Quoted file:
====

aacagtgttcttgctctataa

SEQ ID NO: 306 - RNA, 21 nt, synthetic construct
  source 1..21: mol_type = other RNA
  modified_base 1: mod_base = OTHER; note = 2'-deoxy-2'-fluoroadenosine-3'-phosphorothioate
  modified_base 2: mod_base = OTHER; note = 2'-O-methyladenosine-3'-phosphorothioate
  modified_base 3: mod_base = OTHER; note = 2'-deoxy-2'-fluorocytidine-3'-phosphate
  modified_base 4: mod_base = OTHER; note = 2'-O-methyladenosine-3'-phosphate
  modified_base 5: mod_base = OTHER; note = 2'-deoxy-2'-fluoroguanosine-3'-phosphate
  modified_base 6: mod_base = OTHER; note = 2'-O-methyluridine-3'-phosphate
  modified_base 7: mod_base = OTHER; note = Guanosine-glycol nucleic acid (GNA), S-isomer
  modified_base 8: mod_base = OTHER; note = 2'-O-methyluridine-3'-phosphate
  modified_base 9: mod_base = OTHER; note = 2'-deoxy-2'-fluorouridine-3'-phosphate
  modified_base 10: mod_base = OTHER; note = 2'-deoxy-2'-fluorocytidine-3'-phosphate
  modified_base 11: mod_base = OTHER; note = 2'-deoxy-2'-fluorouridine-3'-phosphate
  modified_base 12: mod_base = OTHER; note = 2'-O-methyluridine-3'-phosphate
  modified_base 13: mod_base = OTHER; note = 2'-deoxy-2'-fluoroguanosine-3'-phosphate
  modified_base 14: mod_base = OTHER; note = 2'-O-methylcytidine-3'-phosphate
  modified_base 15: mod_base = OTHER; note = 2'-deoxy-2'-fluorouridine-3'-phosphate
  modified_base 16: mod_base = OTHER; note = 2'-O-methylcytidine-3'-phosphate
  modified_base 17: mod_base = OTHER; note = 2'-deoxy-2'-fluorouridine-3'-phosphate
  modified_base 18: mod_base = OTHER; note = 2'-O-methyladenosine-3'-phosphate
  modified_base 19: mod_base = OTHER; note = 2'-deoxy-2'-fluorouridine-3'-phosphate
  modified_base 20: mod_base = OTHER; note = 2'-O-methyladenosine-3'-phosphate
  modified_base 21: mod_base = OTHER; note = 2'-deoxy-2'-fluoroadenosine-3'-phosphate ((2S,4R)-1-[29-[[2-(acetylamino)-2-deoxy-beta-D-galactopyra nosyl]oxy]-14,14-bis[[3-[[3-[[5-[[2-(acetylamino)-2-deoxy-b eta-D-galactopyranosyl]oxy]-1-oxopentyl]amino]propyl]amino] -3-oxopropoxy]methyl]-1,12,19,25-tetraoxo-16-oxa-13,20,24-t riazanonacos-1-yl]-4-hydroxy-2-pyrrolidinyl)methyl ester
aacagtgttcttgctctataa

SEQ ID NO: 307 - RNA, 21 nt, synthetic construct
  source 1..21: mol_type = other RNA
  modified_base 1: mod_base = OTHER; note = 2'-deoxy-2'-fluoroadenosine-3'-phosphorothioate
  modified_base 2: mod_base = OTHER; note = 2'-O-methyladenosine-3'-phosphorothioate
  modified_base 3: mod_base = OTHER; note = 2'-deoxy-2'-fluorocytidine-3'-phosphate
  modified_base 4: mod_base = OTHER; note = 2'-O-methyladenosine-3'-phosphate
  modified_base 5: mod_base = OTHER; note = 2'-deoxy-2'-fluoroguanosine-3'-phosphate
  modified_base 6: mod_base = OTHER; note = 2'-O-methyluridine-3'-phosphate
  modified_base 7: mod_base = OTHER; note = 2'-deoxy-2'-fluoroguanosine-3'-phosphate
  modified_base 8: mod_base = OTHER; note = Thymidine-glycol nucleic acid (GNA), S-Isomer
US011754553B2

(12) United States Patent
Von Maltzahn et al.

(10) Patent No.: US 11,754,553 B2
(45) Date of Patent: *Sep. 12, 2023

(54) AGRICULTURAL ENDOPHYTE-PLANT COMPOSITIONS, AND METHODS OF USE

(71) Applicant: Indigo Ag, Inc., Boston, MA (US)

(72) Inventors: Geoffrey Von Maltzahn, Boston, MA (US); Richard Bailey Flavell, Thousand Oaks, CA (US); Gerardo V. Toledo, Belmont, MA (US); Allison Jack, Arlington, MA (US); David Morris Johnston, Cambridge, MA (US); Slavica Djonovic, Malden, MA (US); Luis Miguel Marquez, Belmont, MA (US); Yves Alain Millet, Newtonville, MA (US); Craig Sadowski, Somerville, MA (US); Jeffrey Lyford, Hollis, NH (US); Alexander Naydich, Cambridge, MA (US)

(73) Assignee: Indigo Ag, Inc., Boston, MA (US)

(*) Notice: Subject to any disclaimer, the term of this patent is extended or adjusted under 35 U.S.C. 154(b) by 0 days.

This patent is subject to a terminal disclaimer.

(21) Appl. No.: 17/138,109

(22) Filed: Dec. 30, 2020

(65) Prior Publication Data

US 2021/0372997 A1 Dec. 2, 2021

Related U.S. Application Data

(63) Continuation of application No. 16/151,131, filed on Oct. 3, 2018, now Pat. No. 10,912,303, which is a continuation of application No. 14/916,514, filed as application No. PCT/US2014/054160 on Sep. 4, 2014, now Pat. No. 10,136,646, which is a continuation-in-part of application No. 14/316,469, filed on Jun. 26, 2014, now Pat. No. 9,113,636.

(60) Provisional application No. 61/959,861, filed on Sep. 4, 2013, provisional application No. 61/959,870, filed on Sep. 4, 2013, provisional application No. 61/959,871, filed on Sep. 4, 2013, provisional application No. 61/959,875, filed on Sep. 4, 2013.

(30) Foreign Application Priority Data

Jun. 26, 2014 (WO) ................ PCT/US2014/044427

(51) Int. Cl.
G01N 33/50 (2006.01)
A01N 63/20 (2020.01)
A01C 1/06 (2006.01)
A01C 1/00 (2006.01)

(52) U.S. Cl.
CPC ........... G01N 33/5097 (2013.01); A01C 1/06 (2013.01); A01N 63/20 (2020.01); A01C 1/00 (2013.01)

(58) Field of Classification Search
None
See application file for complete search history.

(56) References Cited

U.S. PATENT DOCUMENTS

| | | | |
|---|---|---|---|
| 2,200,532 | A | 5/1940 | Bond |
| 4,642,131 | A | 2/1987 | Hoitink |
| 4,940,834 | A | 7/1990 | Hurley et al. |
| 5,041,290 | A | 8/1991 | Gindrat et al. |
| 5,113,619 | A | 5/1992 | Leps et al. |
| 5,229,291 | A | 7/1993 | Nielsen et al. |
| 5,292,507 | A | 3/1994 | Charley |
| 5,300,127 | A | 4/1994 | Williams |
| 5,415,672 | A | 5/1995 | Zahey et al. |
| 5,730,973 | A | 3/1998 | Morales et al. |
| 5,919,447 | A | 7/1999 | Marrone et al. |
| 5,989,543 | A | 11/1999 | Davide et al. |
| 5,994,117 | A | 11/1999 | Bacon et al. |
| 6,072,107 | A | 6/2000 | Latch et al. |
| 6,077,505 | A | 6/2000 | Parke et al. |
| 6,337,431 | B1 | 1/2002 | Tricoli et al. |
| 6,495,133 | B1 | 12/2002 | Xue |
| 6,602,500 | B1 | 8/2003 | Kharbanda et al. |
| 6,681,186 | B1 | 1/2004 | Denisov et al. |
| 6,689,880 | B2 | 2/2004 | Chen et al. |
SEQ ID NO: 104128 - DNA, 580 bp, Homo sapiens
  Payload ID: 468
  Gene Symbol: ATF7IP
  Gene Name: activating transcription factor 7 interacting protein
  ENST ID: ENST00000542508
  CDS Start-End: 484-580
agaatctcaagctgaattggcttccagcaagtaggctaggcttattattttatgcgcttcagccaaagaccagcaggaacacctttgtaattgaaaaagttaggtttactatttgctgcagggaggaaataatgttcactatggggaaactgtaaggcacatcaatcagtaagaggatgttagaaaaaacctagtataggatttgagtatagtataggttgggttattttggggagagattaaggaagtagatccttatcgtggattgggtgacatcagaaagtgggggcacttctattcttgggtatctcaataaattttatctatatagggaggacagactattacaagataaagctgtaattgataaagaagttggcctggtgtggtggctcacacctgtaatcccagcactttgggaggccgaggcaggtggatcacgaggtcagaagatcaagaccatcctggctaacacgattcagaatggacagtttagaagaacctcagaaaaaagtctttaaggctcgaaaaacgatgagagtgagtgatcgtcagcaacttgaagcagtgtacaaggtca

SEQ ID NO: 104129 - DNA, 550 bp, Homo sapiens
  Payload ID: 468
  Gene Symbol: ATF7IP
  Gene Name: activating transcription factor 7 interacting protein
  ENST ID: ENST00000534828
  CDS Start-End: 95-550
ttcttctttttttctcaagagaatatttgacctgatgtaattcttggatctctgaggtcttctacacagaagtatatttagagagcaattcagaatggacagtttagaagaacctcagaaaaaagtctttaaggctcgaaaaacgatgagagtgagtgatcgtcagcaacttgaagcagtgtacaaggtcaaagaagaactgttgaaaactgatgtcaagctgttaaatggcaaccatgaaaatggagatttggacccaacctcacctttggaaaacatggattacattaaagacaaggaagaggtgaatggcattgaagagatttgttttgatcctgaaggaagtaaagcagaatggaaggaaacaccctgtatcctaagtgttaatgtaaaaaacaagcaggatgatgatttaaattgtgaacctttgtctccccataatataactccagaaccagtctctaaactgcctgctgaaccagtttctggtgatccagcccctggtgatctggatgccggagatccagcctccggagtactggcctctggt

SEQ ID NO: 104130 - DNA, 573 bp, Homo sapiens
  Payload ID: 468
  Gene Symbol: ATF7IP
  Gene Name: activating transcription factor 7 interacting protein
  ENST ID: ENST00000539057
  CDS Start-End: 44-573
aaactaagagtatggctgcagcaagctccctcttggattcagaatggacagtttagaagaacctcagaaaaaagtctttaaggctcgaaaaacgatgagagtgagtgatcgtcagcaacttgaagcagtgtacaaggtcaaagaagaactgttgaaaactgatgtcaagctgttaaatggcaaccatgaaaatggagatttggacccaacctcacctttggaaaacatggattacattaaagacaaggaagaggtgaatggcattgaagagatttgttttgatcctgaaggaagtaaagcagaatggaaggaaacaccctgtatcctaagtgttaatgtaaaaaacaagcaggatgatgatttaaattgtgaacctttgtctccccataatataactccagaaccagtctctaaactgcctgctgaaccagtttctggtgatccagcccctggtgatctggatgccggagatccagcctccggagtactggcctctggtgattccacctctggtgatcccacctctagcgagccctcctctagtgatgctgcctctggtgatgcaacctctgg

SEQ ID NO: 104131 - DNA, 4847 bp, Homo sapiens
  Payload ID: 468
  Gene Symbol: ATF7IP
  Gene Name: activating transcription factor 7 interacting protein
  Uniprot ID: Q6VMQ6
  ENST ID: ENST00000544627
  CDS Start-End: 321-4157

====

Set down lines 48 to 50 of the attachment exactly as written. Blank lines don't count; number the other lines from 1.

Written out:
(22) Filed: Dec. 30, 2020

(65) Prior Publication Data

US 2021/0372997 A1 Dec. 2, 2021